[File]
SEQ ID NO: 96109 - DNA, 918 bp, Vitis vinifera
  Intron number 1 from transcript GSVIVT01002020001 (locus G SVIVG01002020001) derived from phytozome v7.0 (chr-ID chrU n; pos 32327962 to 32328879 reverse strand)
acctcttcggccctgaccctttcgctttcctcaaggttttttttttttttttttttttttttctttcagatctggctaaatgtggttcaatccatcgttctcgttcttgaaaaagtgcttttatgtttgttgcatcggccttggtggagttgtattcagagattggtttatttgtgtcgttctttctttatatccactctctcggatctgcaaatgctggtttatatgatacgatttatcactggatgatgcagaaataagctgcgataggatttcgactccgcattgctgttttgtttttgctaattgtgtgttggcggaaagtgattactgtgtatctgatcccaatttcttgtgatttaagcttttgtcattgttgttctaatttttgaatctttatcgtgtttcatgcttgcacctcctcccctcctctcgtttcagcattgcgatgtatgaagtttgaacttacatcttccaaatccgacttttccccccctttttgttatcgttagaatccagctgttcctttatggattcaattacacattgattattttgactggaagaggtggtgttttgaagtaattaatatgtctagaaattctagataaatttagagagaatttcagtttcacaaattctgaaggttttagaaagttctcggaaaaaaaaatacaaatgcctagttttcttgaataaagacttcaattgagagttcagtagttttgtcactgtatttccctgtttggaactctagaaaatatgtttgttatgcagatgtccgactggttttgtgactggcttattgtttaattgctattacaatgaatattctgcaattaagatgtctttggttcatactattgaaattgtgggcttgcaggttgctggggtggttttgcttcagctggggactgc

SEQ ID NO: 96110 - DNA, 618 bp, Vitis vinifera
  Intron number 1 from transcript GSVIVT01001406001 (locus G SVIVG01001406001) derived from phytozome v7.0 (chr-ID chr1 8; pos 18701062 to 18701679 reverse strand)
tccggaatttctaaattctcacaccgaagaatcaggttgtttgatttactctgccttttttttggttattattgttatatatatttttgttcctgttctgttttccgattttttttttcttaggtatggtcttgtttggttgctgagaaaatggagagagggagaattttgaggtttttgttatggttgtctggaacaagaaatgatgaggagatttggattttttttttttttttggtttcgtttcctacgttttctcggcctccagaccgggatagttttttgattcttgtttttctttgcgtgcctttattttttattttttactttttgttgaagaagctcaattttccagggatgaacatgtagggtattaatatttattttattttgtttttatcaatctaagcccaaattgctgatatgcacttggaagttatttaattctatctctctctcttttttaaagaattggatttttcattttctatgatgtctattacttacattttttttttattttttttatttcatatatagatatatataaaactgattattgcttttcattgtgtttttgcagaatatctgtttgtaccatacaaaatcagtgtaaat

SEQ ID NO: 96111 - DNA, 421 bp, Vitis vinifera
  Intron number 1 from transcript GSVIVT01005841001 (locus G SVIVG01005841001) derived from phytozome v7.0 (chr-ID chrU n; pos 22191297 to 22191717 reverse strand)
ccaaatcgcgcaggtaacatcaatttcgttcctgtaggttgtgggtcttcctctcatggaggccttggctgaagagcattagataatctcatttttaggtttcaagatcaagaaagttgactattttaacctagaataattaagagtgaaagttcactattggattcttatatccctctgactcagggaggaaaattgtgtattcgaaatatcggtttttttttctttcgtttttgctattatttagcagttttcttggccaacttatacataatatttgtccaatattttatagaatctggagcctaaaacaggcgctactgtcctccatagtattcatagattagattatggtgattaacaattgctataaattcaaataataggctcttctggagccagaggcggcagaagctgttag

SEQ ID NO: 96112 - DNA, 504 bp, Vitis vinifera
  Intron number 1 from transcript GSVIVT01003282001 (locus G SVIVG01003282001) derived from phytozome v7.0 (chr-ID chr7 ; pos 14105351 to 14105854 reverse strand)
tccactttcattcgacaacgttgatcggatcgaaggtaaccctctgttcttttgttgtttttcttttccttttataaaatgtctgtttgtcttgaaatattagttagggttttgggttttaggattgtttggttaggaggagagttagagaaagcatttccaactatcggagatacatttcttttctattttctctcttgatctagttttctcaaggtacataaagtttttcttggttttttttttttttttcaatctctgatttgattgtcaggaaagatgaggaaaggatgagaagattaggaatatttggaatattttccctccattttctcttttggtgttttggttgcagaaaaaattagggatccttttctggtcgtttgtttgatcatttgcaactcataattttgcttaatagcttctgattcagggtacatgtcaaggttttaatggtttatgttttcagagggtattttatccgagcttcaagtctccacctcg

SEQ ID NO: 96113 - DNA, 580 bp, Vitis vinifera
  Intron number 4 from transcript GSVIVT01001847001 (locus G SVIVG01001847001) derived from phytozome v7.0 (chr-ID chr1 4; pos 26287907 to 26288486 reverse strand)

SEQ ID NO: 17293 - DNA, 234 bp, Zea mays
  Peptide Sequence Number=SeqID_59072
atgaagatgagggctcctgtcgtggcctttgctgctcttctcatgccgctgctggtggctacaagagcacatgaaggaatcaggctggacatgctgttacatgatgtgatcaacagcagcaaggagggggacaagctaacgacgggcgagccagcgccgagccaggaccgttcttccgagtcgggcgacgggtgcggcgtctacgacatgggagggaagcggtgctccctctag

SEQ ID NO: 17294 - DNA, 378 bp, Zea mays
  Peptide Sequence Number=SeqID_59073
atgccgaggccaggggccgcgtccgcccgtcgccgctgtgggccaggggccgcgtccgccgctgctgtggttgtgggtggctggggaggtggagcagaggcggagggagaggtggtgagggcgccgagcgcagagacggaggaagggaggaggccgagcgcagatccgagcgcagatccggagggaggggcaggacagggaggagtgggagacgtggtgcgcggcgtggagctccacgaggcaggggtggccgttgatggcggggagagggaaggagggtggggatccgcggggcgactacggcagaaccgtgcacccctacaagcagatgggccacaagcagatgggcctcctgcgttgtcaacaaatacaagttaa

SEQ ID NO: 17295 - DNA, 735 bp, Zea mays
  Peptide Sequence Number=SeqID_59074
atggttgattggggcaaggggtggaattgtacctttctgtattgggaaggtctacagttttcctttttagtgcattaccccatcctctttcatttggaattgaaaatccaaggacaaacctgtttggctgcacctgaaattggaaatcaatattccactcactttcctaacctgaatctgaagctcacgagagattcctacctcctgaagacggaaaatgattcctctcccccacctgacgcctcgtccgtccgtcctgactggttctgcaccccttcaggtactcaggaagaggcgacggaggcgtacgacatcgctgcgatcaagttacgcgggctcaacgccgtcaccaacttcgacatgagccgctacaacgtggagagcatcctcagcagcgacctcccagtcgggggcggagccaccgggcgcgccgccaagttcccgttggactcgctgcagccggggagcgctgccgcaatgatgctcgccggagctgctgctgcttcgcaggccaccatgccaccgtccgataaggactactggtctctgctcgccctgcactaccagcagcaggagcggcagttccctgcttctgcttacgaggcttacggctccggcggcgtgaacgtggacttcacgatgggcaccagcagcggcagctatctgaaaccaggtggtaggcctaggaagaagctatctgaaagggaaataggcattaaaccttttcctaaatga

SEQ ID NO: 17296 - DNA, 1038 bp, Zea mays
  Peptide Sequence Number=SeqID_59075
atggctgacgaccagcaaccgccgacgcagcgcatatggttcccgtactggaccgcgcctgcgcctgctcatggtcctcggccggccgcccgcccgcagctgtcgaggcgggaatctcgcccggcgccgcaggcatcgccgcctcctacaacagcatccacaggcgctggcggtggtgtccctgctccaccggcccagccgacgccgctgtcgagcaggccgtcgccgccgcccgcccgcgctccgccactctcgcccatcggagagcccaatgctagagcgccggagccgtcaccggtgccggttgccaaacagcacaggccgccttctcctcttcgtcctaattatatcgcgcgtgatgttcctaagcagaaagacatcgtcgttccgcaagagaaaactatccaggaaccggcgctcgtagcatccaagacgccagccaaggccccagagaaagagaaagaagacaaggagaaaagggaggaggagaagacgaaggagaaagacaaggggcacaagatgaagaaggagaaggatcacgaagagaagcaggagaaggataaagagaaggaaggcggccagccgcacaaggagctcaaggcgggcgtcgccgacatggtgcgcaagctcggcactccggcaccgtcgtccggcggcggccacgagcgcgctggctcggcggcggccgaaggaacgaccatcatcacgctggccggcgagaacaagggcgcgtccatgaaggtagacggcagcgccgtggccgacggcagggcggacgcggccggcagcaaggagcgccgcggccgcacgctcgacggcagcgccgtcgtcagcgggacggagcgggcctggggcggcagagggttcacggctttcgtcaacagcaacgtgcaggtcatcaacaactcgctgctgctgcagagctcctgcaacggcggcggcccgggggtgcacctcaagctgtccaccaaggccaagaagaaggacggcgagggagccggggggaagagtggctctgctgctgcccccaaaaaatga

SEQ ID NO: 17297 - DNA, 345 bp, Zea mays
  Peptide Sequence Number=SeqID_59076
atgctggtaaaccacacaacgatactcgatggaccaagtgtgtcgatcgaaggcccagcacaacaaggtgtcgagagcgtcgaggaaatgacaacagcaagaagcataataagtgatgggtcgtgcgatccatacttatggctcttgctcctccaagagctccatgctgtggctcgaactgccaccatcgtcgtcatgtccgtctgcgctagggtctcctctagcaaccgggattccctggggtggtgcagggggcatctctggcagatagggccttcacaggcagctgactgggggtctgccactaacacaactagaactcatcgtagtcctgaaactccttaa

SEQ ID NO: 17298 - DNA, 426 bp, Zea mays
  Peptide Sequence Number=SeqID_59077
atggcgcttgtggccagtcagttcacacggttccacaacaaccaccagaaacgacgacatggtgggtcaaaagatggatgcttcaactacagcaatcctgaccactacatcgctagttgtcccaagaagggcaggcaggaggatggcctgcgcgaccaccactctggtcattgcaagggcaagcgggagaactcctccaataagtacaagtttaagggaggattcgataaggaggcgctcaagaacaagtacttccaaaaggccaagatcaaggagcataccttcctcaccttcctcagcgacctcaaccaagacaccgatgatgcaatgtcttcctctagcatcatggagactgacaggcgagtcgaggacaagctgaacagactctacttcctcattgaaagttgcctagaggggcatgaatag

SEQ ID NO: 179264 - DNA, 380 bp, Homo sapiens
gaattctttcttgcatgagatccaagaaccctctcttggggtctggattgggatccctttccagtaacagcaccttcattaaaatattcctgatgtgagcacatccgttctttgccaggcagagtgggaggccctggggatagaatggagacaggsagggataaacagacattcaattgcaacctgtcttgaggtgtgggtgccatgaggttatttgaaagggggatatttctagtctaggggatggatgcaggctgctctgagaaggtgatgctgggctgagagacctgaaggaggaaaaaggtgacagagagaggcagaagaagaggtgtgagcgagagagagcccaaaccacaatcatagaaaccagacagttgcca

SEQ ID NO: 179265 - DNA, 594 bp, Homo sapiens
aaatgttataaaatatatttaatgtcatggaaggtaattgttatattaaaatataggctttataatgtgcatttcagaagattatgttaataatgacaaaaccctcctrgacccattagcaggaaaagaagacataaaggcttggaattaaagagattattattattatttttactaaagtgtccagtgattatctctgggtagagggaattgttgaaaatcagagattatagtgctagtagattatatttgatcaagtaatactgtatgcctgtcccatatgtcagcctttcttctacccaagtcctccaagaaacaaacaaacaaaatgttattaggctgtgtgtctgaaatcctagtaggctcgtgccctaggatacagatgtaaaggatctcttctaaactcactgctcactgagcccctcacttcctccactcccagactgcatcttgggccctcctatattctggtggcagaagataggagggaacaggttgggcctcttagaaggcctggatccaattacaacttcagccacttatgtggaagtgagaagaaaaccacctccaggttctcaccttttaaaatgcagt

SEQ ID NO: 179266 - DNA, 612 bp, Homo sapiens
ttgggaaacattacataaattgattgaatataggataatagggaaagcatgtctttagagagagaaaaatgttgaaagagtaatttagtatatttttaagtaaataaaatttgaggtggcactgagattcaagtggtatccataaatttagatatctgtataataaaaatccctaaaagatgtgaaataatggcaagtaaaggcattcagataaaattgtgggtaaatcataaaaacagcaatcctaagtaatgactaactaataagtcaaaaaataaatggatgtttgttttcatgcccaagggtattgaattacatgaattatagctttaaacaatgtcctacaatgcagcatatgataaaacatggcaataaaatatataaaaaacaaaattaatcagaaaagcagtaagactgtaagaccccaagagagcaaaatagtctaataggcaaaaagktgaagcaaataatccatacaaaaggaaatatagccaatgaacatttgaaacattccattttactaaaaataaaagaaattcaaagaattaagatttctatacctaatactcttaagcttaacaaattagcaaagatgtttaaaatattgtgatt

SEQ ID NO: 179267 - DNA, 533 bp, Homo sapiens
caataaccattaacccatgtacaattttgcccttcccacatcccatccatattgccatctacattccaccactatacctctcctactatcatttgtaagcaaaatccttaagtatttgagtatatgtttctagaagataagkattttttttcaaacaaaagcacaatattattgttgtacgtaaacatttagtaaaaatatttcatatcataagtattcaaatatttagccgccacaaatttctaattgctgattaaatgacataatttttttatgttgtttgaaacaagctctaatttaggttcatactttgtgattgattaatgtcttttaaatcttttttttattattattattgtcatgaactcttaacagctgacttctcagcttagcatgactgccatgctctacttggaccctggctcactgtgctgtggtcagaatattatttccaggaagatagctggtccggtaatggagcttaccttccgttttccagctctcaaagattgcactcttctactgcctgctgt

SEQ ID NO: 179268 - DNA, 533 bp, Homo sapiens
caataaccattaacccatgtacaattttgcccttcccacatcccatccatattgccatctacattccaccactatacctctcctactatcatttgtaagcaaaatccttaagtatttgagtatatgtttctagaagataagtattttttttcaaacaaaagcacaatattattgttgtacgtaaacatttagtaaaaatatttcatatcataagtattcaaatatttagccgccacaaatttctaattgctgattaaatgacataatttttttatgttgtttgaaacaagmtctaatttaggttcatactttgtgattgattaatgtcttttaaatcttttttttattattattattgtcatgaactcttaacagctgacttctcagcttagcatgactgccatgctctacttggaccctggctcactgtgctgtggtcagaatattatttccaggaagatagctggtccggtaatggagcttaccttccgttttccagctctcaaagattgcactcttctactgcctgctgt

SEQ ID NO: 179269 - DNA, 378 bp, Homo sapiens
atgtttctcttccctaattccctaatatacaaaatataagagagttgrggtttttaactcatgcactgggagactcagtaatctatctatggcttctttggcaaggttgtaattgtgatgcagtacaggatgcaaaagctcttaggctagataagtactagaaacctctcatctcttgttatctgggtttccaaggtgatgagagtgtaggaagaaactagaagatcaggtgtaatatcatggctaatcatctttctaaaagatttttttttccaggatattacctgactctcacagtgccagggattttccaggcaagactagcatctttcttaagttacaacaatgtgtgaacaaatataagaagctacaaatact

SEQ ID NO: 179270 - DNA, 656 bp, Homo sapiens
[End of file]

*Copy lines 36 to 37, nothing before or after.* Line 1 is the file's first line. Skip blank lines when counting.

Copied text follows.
aaatgttataaaatatatttaatgtcatggaaggtaattgttatattaaaatataggctttataatgtgcatttcagaagattatgttaataatgacaaaaccctcctrgacccattagcaggaaaagaagacataaaggcttggaattaaagagattattattattatttttactaaagtgtccagtgattatctctgggtagagggaattgttgaaaatcagagattatagtgctagtagattatatttgatcaagtaatactgtatgcctgtcccatatgtcagcctttcttctacccaagtcctccaagaaacaaacaaacaaaatgttattaggctgtgtgtctgaaatcctagtaggctcgtgccctaggatacagatgtaaaggatctcttctaaactcactgctcactgagcccctcacttcctccactcccagactgcatcttgggccctcctatattctggtggcagaagataggagggaacaggttgggcctcttagaaggcctggatccaattacaacttcagccacttatgtggaagtgagaagaaaaccacctccaggttctcaccttttaaaatgcagt

SEQ ID NO: 179266 - DNA, 612 bp, Homo sapiens